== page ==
Asking for Help
A few weeks ago my husband and I were sitting in couples’ therapy when I confessed how hard it is for me to ask for help. “Why is it that you can’t ask for help? What do you think would happen?” our therapist inquired of me.
She was hitting a deeply sensitive spot and my face twisted up. I felt my face getting hot as I fought back the response, “Because if I have to ask for help, then I am failing,” the response tumbled out.
The truth is I hate asking for help. I am a mom of four with a pile of Mt. Saint Laundry that actually has its own altitude and climate changes. I often feel like I suffer from the “Little Red Hen” syndrome, except, unlike the little red hen, I never ask. I just brood over the fact that everything seems to get placed on my plate to take care of. Dishes are in the sink and I am angry that no one has taken the initiative to load them into the dishwasher, there is actually dust in the grooves of the kitchen cabinets that no one seems to see except me and let’s not talk about the pile of crumbs under the table that my preschooler leaves behind. But if I can’t ask, then I really don’t have justification for being upset over something no one knew would even bother me in the first place. I have to learn to ask. I have to give myself permission to ask with the understanding that it does not mean I am failing because I can’t handle everything.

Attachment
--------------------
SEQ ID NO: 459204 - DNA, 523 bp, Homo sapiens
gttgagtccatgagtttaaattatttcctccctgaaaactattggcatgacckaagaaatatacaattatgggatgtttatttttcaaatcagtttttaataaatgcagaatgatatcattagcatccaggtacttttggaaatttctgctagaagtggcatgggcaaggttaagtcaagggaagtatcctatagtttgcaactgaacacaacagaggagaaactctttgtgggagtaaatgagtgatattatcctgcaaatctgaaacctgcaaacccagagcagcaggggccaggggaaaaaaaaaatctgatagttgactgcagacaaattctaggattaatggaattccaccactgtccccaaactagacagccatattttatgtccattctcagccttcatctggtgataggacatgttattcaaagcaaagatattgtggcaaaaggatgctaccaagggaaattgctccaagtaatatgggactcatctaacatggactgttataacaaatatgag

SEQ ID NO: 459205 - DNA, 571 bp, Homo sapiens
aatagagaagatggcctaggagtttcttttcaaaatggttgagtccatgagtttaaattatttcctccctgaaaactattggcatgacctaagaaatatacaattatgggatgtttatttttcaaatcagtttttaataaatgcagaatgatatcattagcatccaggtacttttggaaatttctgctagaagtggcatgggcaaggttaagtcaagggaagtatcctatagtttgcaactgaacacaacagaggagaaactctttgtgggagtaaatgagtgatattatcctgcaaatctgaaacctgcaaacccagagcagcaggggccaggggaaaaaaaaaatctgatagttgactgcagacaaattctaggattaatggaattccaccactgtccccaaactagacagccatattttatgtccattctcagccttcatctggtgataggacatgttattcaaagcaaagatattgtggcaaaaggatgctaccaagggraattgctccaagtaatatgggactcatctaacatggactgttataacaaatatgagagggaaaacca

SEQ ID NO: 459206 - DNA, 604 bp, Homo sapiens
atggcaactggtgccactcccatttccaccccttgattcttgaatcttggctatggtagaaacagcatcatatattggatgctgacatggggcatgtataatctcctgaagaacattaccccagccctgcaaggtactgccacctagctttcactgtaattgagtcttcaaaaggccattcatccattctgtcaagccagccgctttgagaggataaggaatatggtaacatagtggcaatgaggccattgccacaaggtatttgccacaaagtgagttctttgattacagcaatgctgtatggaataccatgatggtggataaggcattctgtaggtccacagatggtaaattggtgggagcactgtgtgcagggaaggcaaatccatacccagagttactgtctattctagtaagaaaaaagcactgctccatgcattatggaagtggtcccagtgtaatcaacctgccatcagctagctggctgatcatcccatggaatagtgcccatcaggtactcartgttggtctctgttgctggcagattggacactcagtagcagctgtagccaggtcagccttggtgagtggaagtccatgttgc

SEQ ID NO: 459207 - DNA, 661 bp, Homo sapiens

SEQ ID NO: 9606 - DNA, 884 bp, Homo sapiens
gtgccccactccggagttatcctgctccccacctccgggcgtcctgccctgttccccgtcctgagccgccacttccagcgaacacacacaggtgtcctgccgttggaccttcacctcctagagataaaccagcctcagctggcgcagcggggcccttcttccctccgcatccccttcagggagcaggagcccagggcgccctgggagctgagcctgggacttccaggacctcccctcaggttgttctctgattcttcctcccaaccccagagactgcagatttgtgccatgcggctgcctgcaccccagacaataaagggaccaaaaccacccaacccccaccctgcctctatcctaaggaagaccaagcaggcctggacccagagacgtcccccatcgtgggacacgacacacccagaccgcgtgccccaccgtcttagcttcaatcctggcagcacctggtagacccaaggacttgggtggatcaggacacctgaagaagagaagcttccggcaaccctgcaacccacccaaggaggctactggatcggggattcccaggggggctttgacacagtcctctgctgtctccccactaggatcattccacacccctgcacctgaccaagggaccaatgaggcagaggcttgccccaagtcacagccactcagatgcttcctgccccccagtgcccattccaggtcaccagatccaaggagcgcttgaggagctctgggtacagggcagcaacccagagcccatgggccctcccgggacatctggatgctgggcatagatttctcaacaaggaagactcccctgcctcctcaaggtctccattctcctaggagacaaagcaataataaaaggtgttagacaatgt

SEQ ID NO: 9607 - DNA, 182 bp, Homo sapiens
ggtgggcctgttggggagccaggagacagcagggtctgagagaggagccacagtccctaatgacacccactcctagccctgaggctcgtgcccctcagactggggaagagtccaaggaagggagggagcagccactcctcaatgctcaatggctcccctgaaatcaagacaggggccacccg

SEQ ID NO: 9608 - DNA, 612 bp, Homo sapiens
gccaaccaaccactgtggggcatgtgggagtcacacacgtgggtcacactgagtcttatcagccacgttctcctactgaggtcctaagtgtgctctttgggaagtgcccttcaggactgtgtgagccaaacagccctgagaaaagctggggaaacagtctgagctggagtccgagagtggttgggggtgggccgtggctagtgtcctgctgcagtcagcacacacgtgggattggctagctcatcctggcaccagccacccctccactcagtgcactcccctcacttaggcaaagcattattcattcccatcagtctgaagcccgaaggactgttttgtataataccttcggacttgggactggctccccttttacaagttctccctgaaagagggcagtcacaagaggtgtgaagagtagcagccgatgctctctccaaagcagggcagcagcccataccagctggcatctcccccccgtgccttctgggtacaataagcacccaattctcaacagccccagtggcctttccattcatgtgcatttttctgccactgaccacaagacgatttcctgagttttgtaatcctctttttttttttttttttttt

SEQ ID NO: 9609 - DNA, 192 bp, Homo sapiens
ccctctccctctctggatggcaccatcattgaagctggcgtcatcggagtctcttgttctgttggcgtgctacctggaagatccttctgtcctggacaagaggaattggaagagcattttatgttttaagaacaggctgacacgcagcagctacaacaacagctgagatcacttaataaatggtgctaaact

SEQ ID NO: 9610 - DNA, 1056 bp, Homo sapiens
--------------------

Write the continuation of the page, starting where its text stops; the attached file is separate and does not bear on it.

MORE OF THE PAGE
I have thought frequently over the last couple of weeks regarding the conversation with the therapist. And I have thought about my prayer life and my relationship to God. The truth is, I don’t lean on God the way I should. Like everything else, I feel as if everything is my responsibility and I only ask for Him to intercede after I am beyond desperate. In fact, I may just harbor a bit of secret pride in the fact that my prayer life does not read like a Christmas wish list of wants and desires. (Something else I need to work on).
Matt. 7:7 (NLT) says, “Keep on asking, and you will be given what you ask for. Keep on looking, and you will find. Keep on knocking, and the door will be opened.”
My daughters have taught me this concept more than anyone else in my life. It is watching and hearing the tiniest of prayers–praying for the bees, for safety in the storm and thanking God for “my pink blankey.” They know they are not self-reliant, so they have no problem asking for their needs to be met. It is only through the wounds of humanity that we stop asking. I forget that God is not like the rest of humanity. It is the nature of being human that we eventually emotionally hurt someone. God, however, will not let me down. He is constant and He is omni-everything. Only He can fulfill my deepest desires that I am unable to even whisper. But I need to ask.